SAN FRANCISCO – Atop the stage where, just a year ago, he'd detailed the then-new $74 billion acquisition of Celgene Corp, Bristol-Myers Squibb Co. CEO Giovanni Caforio told attendees of this year's J.P. Morgan Healthcare Conference he intends to plunge ahead with "the agility and speed of a biotech company." BMS has eight product launches planned in the next 24 months, he said, targeting solid tumors, hematology and immunology indications.
Revlimid (lenalidomide), Eliquis (apixaban) and Opdivo (nivolumab) continue to lead the company's product mix, each generating more than $5 billion in sales through the third quarter of 2019, with Revlimid surpassing $8 billion during that period. For Opdivo, which already has 19 approved indications in the U.S. across 11 tumor types, he said the company will continue to focus on advancing its combination with Yervoy (ipilimumab) in first-line lung cancer, among other settings.
In hematology, the company is looking to four near-term launches, three for Celgene-sourced assets: the company's FDA-approved beta-thalassemia therapy, Reblozyl (luspatercept), which Celgene licensed from Acceleron Pharma Inc.; the CD19-directed CAR T-cell candidate lisocabtagene maraleucel for a variety of lymphomas and chronic lymphocytic leukemia, licensed from Juno Therapeutics Inc.; and idecabtagene vicleucel for multiple myeloma, licensed from Bluebird Bio Inc. The fourth near-term launch anticipated will be for an oral formulation of azacitidine for acute myeloid leukemia, CC-486. Also underway is work on the company's ongoing debut of the rare bone marrow disorders drug Inrebic (fedratinib), which gained FDA approval in August 2019.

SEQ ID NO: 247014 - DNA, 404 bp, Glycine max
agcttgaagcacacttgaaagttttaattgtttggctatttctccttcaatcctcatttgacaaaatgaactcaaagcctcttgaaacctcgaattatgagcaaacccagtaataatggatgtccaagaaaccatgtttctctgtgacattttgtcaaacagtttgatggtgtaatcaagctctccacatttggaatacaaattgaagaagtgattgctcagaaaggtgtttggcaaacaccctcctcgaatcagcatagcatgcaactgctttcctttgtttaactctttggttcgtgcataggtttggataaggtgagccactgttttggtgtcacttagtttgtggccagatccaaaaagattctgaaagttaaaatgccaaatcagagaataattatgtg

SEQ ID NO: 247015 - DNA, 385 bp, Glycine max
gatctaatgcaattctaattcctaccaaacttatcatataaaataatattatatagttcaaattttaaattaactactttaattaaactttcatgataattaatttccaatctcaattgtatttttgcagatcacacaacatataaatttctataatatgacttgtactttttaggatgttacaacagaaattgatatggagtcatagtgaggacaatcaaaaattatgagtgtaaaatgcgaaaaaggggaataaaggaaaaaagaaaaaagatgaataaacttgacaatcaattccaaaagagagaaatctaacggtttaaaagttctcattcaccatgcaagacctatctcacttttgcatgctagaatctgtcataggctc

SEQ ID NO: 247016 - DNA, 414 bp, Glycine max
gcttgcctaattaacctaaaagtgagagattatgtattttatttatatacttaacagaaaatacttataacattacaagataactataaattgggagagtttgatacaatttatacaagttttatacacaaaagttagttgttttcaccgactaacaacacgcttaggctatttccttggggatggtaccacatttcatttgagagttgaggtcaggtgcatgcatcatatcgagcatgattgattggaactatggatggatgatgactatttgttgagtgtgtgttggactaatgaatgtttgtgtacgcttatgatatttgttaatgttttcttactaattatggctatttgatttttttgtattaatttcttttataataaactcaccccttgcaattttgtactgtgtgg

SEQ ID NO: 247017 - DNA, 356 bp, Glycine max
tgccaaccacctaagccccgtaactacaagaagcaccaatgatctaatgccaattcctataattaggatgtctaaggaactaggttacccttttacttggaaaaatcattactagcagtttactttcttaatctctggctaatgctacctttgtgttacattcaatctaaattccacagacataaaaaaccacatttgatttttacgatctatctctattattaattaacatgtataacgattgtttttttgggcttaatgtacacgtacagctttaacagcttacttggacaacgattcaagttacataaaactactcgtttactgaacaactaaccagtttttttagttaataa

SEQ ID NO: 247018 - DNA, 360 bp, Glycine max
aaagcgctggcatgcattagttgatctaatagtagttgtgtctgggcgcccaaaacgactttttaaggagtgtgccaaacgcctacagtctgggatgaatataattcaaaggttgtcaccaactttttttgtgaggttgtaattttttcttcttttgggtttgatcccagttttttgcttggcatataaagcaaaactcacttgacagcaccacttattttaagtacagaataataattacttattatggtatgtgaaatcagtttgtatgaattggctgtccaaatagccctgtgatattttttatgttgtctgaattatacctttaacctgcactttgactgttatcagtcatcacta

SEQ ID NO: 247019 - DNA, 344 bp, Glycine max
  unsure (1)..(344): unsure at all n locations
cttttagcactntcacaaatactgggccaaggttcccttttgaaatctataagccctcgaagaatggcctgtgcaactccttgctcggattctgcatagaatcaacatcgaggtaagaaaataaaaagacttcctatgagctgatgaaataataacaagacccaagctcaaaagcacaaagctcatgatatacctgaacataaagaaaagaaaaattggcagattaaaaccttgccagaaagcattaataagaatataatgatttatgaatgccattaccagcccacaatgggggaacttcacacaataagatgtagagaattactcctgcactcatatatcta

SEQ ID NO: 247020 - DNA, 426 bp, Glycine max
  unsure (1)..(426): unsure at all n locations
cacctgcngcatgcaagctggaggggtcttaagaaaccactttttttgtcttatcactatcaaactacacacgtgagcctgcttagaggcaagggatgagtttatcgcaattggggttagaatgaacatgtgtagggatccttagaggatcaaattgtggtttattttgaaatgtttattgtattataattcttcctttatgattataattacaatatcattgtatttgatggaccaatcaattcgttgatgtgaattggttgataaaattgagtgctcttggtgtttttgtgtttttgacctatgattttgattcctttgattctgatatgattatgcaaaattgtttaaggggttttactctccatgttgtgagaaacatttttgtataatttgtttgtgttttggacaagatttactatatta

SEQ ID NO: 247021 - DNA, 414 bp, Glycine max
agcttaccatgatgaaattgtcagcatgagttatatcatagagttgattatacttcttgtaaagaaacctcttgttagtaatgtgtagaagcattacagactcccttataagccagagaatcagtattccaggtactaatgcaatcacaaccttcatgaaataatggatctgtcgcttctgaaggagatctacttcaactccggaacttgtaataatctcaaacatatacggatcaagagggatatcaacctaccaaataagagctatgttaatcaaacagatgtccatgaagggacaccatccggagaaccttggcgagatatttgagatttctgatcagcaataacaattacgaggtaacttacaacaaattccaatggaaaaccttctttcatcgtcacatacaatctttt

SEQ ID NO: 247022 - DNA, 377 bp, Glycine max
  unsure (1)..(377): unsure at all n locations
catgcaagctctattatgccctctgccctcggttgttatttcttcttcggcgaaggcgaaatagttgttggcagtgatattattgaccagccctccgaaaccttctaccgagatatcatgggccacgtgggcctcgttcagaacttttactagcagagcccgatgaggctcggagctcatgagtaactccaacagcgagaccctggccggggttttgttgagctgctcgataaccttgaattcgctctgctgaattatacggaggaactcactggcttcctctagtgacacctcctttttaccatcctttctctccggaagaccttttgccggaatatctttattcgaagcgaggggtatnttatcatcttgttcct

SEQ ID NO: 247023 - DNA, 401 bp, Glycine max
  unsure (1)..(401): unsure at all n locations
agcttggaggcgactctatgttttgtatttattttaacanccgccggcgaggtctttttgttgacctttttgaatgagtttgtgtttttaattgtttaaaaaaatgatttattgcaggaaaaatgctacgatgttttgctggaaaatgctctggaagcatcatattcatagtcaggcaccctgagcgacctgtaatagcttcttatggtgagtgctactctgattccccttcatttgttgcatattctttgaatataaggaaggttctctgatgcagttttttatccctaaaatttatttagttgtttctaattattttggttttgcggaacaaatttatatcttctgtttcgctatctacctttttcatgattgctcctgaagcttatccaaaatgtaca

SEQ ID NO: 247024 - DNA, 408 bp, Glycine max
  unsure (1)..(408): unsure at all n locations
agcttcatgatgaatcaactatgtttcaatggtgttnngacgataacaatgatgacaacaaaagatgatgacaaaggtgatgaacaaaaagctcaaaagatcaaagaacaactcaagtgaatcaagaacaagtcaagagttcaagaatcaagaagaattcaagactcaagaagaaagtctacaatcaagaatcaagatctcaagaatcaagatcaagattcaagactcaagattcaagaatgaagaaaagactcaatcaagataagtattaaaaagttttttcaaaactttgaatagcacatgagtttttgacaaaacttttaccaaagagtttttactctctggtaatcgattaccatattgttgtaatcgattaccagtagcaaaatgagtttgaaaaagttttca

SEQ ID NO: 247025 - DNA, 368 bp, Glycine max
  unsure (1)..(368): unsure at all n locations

"I'm also really happy that the combination of our two companies in the new Bristol-Myers Squibb gives us the opportunity to be an important player in immunology," Caforio said, noting his company's work on moving two immunology candidates closer to the market, ozanimod in ulcerative colitis and a TYK2 inhibitor for the potential oral treatment of, initially, psoriasis.
Over the next two years, Caforio said his team's focus will be on delivering and paying down the debt it racked up buying Celgene. "We feel comfortable about the commitment we've made to go back to less than 1.5 debt EBITDA ratio by 2023," he said.
"I feel better about our opportunity at Bristol-Myers Squibb today than I felt one year ago when we announced the deal," he concluded. Investors appeared positive regarding the company's outlook, too, pushing shares (NYSE:BMY) 1.4% higher to close at $66.15 Monday.